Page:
Al Jazeera Opinion Article: President Obama, say the "D-Word" (democracy)
President Obama, say the 'D-Word' US appears to shy away from talk about democracy in Middle East, despite historic anti-government rallies in ally Egypt. By Mark LeVine January 28, 2011
It's incredible, really. The president of the United States can't bring himself to talk about democracy in the Middle East. He can dance around it, use euphemisms, throw out words like "freedom" and "tolerance" and "non-violent" and especially "reform," but he can't say the one word that really matters: democracy.
How did this happen? After all, in his famous 2009 Cairo speech to the Muslim world, Obama spoke the word loudly and clearly - at least once.
Of course, this was just rhetoric, however lofty, reflecting a moment when no one was rebelling against the undemocratic governments of our allies - at least not openly and in a manner that demanded international media coverage.
Now it's for real.
And "democracy" is scarcely to be heard on the lips of the president or his most senior officials.
Mr President...This is our chance. You came into office saying, you wanted to change the culture of US/Middle East relations? Here is your chance. Stand with the Egyptian people and pressure Mubarak out. This is a historic opportunity for you to show the "arab street" you are different than your predecessor, that we are a different nation. Stand with those, fighting for freedom against a brutal autocratic regime. Do it now, this may be our best, last chance..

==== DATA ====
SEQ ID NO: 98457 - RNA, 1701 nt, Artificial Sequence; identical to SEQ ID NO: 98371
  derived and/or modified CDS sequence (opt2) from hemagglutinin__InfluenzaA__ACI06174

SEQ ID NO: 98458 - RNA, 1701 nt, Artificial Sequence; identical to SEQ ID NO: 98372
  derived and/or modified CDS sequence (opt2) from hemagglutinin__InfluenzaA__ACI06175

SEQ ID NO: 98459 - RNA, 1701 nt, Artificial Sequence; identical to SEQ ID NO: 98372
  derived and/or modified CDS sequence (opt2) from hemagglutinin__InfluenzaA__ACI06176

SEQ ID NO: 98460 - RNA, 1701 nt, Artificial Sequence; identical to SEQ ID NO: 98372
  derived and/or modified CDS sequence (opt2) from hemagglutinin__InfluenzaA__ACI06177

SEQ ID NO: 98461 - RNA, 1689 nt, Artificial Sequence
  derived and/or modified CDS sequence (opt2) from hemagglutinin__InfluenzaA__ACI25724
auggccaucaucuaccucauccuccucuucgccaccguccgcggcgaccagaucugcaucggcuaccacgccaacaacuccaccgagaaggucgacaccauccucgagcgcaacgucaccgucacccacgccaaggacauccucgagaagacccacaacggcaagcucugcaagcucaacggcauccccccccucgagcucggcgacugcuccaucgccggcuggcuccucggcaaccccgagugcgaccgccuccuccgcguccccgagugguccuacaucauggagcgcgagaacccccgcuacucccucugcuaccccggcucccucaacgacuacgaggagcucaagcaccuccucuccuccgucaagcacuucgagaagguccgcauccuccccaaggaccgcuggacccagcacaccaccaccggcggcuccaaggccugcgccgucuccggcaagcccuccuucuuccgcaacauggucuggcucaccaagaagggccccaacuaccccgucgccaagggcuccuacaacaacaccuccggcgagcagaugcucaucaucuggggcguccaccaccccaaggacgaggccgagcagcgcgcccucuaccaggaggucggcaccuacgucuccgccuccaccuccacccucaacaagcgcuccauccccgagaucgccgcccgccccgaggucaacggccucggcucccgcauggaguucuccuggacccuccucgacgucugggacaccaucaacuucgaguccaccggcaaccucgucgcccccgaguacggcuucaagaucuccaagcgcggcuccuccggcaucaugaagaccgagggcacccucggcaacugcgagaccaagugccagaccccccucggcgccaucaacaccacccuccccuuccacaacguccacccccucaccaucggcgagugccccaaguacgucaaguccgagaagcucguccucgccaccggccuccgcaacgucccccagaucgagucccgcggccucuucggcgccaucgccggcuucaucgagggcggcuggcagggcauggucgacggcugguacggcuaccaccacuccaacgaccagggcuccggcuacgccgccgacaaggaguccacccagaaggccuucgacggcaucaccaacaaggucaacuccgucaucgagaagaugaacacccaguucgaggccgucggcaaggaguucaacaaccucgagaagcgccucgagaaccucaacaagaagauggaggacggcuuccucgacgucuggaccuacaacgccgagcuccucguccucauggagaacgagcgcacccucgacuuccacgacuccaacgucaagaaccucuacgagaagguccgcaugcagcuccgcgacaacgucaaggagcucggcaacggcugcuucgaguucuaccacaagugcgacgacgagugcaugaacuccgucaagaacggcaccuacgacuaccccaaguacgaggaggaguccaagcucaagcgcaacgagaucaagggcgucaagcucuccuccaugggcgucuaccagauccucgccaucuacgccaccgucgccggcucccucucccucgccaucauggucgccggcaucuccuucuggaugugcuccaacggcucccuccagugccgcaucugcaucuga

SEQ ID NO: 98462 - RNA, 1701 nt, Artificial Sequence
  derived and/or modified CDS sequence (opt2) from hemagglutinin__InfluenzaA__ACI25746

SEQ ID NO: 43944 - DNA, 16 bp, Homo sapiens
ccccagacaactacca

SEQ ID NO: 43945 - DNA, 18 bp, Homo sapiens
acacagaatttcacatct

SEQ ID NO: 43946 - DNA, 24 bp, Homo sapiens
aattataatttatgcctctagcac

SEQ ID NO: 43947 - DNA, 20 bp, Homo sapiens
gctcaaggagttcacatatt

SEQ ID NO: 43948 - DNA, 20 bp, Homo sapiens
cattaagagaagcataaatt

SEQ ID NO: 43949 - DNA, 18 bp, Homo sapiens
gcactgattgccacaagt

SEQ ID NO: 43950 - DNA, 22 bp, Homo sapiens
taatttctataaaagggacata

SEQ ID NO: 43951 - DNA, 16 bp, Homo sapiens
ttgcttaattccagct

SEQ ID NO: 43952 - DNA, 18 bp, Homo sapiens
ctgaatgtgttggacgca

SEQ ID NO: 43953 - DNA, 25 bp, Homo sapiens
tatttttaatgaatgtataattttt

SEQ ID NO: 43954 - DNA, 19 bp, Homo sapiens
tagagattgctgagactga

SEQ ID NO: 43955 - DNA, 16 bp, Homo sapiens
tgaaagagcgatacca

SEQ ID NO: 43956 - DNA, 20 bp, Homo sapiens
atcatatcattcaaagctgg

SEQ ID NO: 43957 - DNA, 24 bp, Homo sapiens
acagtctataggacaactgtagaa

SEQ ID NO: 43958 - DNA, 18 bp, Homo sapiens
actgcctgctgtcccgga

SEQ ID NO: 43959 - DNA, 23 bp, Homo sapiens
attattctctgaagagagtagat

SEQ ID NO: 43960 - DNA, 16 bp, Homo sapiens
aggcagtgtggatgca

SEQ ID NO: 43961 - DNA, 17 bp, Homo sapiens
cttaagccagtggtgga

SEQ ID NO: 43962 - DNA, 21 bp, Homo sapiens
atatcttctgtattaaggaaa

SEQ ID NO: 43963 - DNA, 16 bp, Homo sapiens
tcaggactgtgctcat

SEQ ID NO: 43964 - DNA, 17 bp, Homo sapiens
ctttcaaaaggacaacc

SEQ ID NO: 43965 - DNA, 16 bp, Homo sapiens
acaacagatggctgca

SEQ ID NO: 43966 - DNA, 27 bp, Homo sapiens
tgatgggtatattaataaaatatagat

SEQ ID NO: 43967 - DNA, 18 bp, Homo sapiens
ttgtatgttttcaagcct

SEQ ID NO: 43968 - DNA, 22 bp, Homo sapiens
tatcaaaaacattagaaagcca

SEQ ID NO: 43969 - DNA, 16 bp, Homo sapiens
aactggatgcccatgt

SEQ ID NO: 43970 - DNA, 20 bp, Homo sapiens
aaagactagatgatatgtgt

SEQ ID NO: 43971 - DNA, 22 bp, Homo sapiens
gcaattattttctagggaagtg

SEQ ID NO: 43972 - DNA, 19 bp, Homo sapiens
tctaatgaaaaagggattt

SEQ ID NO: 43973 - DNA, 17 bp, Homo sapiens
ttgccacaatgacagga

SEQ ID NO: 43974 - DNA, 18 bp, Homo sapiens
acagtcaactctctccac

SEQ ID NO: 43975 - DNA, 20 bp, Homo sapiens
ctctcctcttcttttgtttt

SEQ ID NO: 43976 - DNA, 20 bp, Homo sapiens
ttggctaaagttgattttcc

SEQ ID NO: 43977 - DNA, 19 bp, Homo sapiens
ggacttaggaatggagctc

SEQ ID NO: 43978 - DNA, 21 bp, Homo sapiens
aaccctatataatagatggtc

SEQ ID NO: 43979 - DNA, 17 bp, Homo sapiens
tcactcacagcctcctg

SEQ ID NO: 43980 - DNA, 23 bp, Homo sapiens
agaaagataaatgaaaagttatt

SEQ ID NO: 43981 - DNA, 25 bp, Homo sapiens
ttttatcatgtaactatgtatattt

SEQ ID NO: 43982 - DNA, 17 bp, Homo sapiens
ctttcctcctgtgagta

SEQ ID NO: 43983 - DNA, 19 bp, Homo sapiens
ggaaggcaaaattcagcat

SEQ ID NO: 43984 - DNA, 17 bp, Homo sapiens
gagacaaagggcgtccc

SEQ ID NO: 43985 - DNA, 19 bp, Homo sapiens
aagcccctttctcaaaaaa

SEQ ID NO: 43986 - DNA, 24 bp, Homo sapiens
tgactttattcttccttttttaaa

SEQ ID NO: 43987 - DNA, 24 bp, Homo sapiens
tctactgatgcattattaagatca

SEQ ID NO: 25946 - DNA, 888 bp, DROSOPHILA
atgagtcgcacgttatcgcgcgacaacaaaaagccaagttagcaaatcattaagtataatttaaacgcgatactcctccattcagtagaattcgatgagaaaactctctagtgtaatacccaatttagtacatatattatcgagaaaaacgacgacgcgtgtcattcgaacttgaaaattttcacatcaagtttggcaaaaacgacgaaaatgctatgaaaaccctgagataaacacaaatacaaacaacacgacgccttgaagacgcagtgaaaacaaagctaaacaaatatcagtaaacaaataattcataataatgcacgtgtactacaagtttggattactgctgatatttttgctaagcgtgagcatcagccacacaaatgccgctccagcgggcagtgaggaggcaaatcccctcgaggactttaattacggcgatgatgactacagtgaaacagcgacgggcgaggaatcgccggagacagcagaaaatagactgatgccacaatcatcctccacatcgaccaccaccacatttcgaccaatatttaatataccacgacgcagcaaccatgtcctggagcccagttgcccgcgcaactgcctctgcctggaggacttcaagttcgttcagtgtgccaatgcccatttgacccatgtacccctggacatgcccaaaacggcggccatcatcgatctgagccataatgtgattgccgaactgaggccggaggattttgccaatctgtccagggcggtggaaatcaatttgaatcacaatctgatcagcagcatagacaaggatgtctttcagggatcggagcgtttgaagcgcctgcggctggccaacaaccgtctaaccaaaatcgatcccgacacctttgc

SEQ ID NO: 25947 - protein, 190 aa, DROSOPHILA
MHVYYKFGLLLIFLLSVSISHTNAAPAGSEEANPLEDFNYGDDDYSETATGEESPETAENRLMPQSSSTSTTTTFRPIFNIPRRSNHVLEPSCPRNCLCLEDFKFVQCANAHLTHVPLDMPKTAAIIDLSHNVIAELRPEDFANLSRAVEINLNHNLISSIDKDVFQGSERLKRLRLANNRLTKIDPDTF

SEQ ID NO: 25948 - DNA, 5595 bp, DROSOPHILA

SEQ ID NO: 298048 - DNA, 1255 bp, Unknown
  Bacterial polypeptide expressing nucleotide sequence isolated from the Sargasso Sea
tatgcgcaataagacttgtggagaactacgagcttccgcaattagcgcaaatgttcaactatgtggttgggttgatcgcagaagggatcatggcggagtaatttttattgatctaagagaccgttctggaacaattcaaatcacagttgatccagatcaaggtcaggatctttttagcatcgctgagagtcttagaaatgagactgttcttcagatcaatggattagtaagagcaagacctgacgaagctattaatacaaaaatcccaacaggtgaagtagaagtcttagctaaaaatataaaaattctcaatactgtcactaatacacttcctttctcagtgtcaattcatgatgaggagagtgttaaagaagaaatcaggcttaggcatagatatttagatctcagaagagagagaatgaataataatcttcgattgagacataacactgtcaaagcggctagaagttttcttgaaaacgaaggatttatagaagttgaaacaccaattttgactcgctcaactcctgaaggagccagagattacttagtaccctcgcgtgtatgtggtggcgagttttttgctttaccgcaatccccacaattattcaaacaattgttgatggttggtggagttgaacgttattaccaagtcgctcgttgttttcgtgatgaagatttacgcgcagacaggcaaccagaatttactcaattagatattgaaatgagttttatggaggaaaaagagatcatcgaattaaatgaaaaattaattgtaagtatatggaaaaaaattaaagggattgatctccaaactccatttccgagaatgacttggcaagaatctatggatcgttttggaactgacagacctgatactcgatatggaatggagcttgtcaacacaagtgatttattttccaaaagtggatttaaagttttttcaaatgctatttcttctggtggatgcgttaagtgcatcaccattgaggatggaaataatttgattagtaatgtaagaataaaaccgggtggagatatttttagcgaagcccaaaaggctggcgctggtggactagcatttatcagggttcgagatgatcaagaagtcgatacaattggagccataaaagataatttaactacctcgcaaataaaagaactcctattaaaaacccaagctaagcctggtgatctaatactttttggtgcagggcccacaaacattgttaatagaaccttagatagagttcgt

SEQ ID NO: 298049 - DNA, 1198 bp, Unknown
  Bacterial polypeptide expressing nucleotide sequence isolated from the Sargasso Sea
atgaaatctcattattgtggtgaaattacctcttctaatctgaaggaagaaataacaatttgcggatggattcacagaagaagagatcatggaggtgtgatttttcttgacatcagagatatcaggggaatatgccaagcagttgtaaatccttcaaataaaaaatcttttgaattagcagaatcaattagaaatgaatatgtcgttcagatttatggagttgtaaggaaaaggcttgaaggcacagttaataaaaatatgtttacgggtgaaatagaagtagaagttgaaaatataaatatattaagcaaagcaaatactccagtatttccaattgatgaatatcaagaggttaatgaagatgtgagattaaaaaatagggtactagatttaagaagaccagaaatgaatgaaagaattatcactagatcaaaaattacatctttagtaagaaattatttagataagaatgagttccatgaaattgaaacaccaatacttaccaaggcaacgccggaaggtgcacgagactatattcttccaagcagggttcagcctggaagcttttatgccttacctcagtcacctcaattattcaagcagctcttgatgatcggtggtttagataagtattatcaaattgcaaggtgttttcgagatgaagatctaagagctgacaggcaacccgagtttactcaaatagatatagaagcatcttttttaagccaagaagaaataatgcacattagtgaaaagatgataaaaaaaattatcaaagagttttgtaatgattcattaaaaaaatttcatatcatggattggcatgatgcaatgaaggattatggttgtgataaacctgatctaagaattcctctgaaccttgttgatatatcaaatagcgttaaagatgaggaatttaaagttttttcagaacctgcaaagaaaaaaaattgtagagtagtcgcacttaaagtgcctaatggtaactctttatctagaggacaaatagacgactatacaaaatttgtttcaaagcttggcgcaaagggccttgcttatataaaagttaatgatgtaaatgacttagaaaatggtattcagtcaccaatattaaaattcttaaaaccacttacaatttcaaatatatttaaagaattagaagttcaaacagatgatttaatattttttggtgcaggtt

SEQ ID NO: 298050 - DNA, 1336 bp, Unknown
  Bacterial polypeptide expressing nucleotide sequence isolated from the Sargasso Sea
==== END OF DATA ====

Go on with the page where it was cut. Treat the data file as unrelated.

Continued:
Don't fall for the talk. G.W. Bush and Rumsfeld and Cheney were always talking about "democracy" in the Middle East. Human rights is all we should be talking about. It's not our job to promote particular forms of government.
7. Democracy and human rights are not necessarily coterminous
As progressives said about Iraq: the issue is human rights, not promoting democracy. Think about the completely democratically elected National Socialist Party in Germany in the 1930s: the ultimate proof that democracy and human rights are not the same thing.
8. Democratic rights isn't just about elections. It goes way beyond that.
To suggest democracy simply means elections, democratic ones or otherwise, misses the real point and meaning of democratic rights.
What does our Bill of Rights say about elections?
We are taught to think that democracy simply means voting for people. That's a pretty narrow definition which serves the interests of ruling rich who try to hide their power under the guise of democratic elections.
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